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The 3′ termini of Alfalfa mosaic virus (AMV) RNAs adopt two mutually exclusive conformations, a coat protein binding (CPB) and a tRNA-like (TL) conformer, which consist of a linear array of stem-loop structures and a pseudoknot structure, respectively. Previously, switching between CPB and TL conformers has been proposed as a mechanism to regulate the competing processes of translation and replication of the viral RNA (R. C. L. Olsthoorn et al., EMBO J. 18:4856-4864, 1999). In the present study, the switch between CPB and TL conformers was further investigated. First, we showed that recognition of the AMV 3′ untranslated region (UTR) by a tRNA-specific enzyme (CCA-adding enzyme) in vitro is more efficient when the distribution is shifted toward the TL conformation. Second, the recognition of the 3′ UTR by the viral replicase was similarly dependent on the ratio of CBP and TL conformers. Furthermore, the addition of CP, which is expected to shift the distribution toward the CPB conformer, inhibited recognition by the CCA-adding enzyme and the replicase. Finally, we monitored how the binding affinity to CP is affected by this conformational switch in the yeast three-hybrid system. Here, disruption of the pseudoknot enhanced the binding affinity to CP by shifting the balance in favor of the CPB conformer, whereas stabilizing the pseudoknot did the reverse. Together, the in vitro and in vivo data clearly demonstrate the existence of the conformational switch in the 3′ UTR of AMV RNAs.
Alfalfa mosaic virus (AMV) is a plant virus that belongs to one of the five genera in the family Bromoviridae, whose genomes consist of three genomic RNAs (RNAs 1, 2, and 3) and one subgenomic RNA (RNA4) that are capped at the 5′ end and lack polyadenylation at the 3′ terminus (3). RNAs 1 and 2 encode the viral subunits P1 and P2 of the replicase, respectively. RNA3 encodes the movement protein and serves as a template for the synthesis of RNA4, which encodes the coat protein (CP).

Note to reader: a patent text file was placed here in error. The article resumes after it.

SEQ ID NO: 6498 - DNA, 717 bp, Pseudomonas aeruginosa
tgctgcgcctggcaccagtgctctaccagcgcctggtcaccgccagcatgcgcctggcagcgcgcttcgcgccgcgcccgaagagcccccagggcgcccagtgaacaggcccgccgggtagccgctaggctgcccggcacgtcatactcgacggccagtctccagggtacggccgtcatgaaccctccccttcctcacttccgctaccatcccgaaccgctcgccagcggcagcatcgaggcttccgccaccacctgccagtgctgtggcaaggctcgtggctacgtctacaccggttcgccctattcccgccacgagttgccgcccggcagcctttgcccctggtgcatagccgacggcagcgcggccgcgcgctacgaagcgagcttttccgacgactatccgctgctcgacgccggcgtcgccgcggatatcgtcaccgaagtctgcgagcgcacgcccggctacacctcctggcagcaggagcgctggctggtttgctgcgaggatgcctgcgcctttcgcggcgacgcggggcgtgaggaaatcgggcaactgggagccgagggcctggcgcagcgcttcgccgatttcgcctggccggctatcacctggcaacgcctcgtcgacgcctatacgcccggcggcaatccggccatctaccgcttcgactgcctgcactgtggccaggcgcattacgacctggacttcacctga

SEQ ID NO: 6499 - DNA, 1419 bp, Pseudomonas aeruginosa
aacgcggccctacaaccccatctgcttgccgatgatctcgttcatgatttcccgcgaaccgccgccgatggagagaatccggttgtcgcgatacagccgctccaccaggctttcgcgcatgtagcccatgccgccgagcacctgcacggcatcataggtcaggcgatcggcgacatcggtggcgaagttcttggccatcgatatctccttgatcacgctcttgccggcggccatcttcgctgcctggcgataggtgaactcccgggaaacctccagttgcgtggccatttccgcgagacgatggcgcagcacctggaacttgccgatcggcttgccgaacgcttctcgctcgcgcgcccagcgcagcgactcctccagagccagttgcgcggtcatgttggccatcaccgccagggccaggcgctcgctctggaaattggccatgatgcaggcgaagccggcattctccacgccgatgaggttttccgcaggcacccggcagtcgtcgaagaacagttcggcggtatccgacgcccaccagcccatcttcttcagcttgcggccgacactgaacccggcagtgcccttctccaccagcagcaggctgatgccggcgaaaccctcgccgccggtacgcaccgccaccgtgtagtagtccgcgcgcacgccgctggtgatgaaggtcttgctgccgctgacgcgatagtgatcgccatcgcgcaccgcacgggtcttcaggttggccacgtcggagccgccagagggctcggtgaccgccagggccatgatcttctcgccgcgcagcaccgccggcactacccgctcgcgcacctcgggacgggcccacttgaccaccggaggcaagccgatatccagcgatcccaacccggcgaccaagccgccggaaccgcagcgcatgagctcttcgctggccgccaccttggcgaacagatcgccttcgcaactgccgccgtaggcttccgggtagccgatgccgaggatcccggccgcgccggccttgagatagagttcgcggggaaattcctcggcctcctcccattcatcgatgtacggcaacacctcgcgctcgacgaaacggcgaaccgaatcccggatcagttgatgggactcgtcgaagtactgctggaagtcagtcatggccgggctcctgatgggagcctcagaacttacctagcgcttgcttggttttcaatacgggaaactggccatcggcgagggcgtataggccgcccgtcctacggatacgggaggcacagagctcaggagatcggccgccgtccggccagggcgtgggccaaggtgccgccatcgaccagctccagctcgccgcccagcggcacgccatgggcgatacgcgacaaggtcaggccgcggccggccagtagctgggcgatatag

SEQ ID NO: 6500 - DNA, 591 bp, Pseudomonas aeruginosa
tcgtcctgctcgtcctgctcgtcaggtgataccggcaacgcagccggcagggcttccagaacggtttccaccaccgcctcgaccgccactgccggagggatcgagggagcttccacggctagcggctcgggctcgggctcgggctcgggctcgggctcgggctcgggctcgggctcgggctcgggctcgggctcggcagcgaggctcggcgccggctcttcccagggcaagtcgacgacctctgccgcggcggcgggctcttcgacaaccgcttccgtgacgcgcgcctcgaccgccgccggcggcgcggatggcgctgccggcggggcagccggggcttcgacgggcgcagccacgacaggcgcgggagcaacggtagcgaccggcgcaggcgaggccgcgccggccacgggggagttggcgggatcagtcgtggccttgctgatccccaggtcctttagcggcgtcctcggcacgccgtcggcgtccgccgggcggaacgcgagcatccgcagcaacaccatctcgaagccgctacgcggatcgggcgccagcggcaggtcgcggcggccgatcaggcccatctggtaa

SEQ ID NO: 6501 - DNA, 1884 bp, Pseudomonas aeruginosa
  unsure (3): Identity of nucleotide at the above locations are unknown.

The role of AMV CP has been the subject of extensive research in the past four decades. Initially, it was found that, in contrast to RNAs of the Bromo-, Cucumo-, and Oleavirus genera, the genomic RNAs of AMV and the closely related genus Ilarvirus were not infectious as such but required the presence of CP in the inoculum (15). This phenomenon was called genome activation and was long considered to compensate for the lack of a tRNA-like structure (TLS) at the 3′ end of their genomic RNAs, a prominent feature of bromo- and cucumovirus RNAs (3). However, in 1999 we demonstrated that the 3′ end of AMV RNAs can adopt an alternative conformation that shows many structural similarities to the TLS of other Bromoviridae, although it could not be charged with an amino acid (20). The tRNA-like (TL) conformation (Fig. (Fig.1)1) turned out to be the replicative form of the 3′ termini (19, 20), whereas the other, coat protein binding (CPB), conformer was subsequently shown to be required for translation (16-18). Although other models have been forwarded (9), we have proposed that switching between these two conformations, mediated by CP binding, plays a fundamental role in the life cycle of AMV and ilarviruses by regulating the competing processes of translation and replication of the viral RNAs.
In the present study, the distribution between CPB and TL conformers was further investigated. We addressed how changes in this distribution would affect recognition of the AMV 3′ untranslated region (UTR) by a tRNA-specific enzyme (CCA-adding ezyme) and the viral polymerase in vitro. We also monitored how the binding affinity to CP is affected by this conformational switch in vivo using the yeast three-hybrid (Y3H) system (2, 11, 24). Together, the in vitro and in vivo data clearly demonstrate the existence and function of the conformational switch in the 3′ UTR of AMV RNAs.